Feb 25 2011

Fisheries catch share program questioned

Small personal fishing boat returns to harbor - youngster in the red sweatshirt is filleting, cleaning the fish on the back deckphoto © 2009 Mike Baird | more info (via: Wylio)

Sue Book
Sun Journal Staff

The search for balance between economic and environmental concerns intensified this week over catch limits from those in both commercial and recreational fishing industries.

Key North Carolina congressional delegation members have asked U.S. Secretary of Commerce Gary Locke “to consider other well-established fishery management techniques” to help keep the industry alive.

A letter from Rep. Walter Jones, R-N.C., Rep. Mike McIntyre, D-N.C., Sen. Kay Hagan, D-N.C., and Sen. Richard Burr, R-N.C., joined several senators and congressmen from other East Coast states in the request. The request came over “concern that the National Oceanic and Atmospheric Administrations catch share policy will further endanger the economic vitality of the already-struggling fishing industry and will not end overfishing.”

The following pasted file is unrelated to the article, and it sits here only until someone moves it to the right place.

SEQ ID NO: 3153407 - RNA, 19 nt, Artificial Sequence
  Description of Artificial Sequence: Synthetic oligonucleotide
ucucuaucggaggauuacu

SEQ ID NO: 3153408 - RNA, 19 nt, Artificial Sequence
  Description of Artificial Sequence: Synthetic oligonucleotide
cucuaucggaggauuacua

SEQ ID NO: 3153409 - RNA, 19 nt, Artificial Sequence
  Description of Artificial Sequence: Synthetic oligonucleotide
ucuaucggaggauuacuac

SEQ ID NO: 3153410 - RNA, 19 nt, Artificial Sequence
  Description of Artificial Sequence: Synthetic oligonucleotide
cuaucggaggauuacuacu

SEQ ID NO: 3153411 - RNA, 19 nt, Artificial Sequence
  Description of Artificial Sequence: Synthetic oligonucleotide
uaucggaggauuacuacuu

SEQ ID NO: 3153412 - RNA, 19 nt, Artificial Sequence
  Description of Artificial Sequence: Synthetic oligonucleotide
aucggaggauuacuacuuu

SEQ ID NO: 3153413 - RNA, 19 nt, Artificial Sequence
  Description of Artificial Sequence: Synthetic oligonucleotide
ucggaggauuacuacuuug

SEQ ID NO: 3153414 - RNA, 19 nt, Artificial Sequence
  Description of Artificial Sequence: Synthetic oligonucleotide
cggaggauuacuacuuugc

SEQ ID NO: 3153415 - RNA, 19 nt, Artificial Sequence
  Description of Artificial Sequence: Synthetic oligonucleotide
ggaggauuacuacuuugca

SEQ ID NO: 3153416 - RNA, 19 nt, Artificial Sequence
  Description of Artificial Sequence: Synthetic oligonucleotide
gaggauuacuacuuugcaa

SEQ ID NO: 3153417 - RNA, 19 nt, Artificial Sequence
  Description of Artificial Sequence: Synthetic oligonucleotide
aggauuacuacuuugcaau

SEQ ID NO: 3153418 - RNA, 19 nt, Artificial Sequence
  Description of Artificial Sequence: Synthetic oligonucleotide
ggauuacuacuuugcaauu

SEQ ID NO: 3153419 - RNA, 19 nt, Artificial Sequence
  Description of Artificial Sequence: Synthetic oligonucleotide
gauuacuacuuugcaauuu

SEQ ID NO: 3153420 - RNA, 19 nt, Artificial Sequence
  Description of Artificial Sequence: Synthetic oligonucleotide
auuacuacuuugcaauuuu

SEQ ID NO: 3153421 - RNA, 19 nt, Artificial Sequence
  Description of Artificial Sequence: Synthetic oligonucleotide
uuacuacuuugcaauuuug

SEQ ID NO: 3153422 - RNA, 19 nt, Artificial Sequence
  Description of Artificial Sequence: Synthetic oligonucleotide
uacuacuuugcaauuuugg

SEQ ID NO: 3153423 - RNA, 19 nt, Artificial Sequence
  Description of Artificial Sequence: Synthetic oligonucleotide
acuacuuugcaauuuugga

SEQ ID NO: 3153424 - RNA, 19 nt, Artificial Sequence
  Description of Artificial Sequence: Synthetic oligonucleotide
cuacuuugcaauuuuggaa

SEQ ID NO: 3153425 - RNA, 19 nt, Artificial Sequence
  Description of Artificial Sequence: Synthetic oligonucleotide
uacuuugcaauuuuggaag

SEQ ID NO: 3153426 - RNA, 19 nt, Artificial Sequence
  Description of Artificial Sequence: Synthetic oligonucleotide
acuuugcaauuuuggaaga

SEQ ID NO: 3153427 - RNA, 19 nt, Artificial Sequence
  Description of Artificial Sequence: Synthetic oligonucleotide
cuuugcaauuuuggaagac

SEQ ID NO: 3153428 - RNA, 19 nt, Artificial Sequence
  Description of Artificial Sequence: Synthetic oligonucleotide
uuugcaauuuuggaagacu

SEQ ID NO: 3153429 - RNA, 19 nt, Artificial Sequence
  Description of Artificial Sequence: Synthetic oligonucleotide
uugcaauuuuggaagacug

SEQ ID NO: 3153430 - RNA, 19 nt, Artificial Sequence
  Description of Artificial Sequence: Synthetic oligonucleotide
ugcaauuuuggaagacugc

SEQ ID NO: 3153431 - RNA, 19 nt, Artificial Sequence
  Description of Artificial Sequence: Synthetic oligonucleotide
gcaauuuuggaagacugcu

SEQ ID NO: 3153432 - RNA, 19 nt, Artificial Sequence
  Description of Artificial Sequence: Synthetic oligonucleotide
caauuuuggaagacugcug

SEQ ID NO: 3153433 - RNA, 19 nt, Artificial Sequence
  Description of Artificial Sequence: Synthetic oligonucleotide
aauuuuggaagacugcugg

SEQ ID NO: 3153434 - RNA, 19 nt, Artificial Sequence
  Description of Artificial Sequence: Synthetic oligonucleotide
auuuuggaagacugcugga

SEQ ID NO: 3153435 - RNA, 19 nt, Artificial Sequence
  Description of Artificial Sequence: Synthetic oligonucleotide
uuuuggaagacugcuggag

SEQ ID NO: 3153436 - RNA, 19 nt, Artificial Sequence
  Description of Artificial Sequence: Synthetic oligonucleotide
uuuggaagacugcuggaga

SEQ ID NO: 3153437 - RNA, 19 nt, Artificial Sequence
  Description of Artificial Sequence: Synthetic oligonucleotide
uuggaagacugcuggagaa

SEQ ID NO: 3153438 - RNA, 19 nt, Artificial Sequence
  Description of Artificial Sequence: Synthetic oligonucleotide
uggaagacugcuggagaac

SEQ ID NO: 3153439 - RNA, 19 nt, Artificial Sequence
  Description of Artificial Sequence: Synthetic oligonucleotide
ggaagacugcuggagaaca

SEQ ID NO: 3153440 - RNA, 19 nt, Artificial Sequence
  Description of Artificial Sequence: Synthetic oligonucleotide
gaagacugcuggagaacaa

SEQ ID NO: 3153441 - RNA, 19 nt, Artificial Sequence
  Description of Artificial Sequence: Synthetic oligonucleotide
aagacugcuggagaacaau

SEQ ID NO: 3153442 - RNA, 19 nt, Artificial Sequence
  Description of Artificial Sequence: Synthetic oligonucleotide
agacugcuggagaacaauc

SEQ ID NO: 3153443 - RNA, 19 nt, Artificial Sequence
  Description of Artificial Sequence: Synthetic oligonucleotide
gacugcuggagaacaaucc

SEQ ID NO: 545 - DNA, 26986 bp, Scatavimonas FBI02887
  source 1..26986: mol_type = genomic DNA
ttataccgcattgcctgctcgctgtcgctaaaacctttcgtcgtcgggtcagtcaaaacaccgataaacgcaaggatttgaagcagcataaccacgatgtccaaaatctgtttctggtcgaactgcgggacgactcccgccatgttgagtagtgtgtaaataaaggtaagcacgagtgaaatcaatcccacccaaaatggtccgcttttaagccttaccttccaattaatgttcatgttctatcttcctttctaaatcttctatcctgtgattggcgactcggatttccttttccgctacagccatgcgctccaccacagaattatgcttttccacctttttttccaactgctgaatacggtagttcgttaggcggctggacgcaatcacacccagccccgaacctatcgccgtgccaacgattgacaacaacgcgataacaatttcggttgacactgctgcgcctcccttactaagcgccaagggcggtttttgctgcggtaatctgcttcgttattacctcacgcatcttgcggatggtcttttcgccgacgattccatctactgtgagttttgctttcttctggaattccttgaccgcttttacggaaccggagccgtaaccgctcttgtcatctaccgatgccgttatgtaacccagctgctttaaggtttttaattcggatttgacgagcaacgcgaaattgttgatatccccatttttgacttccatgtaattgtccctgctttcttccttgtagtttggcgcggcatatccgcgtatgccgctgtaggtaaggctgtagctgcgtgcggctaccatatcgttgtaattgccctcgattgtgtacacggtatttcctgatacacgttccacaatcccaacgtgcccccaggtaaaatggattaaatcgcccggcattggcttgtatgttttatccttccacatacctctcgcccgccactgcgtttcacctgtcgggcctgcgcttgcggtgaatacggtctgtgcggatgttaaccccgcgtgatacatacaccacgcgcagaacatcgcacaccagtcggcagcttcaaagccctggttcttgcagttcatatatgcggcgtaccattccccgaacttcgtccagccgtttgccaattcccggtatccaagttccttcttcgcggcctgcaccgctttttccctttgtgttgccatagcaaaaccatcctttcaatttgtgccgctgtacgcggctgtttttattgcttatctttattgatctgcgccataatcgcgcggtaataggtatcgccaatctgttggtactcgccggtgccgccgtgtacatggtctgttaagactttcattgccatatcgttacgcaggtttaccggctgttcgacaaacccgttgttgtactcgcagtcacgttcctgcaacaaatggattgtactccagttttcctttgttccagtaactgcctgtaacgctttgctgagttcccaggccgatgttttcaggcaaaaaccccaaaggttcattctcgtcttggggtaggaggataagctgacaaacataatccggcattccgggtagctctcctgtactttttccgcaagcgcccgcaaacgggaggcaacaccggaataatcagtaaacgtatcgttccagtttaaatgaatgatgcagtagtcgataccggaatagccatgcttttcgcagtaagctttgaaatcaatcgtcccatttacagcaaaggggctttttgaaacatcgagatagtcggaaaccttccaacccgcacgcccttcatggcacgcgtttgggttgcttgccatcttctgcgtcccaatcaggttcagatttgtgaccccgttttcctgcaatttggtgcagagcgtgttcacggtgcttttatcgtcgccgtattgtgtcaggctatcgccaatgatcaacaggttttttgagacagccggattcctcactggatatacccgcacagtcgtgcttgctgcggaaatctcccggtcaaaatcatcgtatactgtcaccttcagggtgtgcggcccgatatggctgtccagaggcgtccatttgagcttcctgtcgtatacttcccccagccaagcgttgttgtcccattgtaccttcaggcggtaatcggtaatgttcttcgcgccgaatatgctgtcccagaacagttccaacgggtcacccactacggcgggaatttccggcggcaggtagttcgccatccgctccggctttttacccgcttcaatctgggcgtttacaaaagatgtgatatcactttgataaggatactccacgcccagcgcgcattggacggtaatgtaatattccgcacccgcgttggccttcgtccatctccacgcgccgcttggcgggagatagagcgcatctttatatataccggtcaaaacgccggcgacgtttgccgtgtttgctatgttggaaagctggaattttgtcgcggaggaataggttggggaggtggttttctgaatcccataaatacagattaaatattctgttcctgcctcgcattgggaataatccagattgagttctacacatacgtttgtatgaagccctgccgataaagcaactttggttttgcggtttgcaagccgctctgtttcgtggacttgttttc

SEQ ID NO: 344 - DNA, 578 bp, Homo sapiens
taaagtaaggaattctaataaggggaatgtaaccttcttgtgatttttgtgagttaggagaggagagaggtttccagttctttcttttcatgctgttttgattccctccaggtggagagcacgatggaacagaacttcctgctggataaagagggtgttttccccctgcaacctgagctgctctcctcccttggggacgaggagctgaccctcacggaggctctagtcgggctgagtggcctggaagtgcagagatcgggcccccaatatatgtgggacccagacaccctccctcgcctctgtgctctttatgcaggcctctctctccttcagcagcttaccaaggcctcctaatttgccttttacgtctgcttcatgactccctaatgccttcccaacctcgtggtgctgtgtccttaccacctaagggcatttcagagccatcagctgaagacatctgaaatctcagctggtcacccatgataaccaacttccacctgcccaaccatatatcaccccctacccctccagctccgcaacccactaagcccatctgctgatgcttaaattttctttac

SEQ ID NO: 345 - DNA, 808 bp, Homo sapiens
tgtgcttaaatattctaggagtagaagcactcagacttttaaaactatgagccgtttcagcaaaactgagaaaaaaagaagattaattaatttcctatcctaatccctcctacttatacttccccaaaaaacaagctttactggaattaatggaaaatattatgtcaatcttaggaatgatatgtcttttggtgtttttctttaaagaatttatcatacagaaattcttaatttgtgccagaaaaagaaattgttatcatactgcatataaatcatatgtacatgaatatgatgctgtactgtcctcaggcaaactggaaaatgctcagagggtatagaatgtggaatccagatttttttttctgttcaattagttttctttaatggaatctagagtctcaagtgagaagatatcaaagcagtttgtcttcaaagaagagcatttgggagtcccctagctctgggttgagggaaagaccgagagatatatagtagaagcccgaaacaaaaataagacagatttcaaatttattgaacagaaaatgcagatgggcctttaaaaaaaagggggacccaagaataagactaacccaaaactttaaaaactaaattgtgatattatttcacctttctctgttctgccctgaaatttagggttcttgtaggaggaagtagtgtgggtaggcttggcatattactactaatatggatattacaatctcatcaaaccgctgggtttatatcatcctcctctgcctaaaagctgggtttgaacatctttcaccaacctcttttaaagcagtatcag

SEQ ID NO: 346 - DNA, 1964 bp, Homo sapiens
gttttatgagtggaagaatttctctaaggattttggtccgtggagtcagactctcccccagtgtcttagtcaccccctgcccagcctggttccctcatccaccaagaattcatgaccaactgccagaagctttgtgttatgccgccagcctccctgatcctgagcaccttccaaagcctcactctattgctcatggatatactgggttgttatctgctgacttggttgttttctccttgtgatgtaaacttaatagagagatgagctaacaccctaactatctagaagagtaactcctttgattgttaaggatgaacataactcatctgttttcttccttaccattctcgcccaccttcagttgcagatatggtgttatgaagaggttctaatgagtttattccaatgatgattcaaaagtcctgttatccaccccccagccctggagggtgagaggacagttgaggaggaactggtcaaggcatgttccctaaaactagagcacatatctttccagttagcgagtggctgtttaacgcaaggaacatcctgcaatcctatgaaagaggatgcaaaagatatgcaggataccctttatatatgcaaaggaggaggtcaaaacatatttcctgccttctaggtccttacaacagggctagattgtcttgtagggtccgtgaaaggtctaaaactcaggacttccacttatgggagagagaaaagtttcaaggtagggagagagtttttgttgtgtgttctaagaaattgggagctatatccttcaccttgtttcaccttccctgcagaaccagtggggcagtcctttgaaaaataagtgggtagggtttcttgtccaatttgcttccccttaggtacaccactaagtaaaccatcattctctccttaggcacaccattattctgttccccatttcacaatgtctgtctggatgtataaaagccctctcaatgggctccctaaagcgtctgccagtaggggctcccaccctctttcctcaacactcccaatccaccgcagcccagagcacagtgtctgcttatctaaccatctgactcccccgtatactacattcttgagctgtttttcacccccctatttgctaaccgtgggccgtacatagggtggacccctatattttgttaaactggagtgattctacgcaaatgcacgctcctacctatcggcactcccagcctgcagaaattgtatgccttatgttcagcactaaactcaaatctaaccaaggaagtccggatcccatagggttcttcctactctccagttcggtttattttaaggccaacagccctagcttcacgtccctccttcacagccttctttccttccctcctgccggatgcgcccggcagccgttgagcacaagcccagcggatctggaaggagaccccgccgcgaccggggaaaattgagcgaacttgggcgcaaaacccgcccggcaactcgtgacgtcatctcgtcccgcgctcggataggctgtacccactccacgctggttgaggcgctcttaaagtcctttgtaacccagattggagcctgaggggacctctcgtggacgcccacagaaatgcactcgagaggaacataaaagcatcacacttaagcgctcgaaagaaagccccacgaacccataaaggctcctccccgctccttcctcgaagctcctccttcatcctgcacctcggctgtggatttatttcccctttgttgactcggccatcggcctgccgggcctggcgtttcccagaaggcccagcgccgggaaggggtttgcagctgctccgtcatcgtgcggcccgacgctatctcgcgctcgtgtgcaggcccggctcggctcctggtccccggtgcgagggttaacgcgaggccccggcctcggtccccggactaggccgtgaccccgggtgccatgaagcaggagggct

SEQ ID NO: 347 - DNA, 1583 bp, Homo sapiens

“The fishing industry is a crucial part of our nation’s economy, but in these tough economic times too many fishermen are struggling to provide for themselves, their families and their communities,” the letter said.

It maintains, as have fishermen speaking at recent public hearings in New Bern before the Mid-Atlantic Fishery Management Council this year, that NOAA has “committed significant funding to encourage the adoption of catch share programs when it has not committed sufficient funds to adequately assess the stocks of our nation’s fisheries.”

Read the rest of the story here.

 

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